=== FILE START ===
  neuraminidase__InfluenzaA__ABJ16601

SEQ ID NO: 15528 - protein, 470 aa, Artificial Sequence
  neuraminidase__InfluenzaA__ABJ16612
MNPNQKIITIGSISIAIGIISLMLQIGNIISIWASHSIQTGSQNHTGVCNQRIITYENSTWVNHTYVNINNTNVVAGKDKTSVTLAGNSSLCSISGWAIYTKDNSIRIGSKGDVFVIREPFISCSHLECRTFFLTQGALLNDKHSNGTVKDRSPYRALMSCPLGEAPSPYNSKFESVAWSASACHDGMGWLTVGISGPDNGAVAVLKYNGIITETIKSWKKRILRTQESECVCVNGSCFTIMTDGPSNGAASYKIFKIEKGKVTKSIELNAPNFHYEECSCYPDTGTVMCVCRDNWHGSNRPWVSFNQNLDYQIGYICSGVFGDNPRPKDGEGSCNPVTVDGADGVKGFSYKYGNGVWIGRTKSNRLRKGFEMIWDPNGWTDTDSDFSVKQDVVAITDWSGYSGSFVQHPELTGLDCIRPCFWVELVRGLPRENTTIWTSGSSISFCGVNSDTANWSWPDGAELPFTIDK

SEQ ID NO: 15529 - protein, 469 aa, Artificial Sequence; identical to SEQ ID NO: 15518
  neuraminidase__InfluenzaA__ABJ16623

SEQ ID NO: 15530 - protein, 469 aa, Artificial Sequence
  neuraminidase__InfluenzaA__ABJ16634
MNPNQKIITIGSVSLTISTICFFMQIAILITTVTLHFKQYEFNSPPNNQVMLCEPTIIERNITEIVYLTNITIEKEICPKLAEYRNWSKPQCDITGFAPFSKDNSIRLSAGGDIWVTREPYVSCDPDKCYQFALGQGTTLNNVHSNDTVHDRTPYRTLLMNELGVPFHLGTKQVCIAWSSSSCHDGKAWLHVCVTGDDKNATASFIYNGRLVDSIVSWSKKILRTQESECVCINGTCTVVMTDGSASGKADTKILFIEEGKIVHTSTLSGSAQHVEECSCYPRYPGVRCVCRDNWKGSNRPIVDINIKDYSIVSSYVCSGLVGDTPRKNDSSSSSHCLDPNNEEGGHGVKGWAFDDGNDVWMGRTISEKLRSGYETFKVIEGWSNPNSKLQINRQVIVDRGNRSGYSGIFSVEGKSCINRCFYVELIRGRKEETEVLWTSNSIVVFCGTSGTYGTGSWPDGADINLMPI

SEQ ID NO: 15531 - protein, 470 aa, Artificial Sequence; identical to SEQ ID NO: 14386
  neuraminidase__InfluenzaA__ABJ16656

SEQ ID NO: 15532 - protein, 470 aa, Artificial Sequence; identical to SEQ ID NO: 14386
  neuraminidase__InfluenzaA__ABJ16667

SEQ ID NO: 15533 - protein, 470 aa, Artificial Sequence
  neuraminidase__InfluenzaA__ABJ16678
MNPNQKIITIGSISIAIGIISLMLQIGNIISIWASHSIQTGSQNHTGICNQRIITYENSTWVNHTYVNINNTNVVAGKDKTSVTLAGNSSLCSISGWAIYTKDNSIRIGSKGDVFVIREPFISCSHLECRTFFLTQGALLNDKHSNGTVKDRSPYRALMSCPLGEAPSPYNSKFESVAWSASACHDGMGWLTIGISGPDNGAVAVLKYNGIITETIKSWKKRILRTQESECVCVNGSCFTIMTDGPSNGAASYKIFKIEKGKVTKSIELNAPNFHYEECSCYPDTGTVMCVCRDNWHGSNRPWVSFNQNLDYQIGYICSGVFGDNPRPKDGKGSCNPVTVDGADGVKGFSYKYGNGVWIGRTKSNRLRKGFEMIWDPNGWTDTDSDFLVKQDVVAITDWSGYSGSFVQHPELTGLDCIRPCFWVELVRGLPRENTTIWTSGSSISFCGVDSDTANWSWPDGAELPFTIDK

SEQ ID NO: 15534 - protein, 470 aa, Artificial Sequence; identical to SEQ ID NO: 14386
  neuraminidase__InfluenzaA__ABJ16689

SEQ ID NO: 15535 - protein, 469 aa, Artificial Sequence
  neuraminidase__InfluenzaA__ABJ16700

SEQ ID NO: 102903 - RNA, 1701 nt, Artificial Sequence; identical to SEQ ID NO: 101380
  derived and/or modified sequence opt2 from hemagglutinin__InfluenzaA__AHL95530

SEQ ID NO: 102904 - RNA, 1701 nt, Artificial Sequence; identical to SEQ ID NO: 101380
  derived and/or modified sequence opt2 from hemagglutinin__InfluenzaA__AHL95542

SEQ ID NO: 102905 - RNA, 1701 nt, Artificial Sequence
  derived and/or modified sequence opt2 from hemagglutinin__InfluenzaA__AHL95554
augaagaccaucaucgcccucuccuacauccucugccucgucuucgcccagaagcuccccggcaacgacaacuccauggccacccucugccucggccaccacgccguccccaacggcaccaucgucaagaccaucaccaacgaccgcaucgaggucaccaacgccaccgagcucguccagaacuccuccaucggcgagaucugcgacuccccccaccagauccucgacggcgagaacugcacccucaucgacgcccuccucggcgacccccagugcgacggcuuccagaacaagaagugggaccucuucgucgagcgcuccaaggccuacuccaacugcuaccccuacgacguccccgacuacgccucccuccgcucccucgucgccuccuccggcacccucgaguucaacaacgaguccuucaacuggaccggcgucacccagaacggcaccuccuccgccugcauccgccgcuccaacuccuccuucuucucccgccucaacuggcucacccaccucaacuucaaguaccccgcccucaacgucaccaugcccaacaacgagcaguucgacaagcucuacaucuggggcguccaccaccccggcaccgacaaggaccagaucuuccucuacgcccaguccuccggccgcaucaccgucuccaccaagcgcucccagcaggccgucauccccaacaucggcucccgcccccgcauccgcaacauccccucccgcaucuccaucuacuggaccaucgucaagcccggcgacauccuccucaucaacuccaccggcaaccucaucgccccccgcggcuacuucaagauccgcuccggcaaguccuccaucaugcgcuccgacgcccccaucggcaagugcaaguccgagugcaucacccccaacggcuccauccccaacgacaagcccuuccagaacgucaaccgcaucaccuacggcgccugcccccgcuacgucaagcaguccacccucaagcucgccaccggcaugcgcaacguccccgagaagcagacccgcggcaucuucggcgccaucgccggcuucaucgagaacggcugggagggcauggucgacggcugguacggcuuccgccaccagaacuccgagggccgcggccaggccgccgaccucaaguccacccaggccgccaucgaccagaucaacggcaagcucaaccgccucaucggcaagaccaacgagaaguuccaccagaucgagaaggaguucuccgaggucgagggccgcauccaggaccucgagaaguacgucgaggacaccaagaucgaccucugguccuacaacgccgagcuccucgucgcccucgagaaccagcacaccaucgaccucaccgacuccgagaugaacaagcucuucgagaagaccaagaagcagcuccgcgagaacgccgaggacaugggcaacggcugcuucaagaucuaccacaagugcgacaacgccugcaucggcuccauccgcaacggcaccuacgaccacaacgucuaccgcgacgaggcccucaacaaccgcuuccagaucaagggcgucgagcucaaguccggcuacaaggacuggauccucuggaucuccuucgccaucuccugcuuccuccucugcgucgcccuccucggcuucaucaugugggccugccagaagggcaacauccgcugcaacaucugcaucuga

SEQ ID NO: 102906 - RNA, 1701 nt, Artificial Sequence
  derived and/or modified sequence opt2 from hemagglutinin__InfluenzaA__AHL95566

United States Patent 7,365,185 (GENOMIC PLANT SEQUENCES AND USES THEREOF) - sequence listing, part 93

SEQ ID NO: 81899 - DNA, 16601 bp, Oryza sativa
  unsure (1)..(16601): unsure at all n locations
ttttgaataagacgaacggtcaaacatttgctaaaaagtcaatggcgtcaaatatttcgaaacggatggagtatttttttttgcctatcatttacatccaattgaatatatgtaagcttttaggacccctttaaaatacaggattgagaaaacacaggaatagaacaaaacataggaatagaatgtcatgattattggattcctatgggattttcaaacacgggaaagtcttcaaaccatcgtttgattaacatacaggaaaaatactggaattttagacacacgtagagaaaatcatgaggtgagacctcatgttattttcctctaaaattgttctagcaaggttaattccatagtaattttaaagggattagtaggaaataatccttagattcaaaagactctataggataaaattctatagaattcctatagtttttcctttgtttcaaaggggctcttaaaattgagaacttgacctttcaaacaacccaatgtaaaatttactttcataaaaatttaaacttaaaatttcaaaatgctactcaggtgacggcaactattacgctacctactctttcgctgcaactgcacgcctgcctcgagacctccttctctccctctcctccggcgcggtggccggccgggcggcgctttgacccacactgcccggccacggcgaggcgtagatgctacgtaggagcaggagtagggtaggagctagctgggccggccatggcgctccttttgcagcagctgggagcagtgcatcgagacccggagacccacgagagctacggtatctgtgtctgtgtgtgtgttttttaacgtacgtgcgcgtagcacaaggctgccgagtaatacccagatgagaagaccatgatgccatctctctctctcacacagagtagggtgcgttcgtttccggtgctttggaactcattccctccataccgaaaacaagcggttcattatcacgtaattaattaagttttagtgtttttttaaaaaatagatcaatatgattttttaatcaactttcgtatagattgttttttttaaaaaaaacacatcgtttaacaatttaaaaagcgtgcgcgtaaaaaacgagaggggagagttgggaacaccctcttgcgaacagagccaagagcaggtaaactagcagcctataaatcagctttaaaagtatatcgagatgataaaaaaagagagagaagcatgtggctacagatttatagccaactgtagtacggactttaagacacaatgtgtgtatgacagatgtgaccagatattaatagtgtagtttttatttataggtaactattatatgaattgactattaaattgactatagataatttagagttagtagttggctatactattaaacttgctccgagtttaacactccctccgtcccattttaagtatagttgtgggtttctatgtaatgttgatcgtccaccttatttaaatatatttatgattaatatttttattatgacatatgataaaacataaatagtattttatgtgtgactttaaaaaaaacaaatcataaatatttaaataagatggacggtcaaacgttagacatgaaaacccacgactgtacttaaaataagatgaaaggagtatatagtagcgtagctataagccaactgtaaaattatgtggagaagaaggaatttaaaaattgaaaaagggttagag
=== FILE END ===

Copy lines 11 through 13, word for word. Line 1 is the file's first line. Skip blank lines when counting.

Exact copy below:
  neuraminidase__InfluenzaA__ABJ16656

SEQ ID NO: 15532 - protein, 470 aa, Artificial Sequence; identical to SEQ ID NO: 14386
  neuraminidase__InfluenzaA__ABJ16667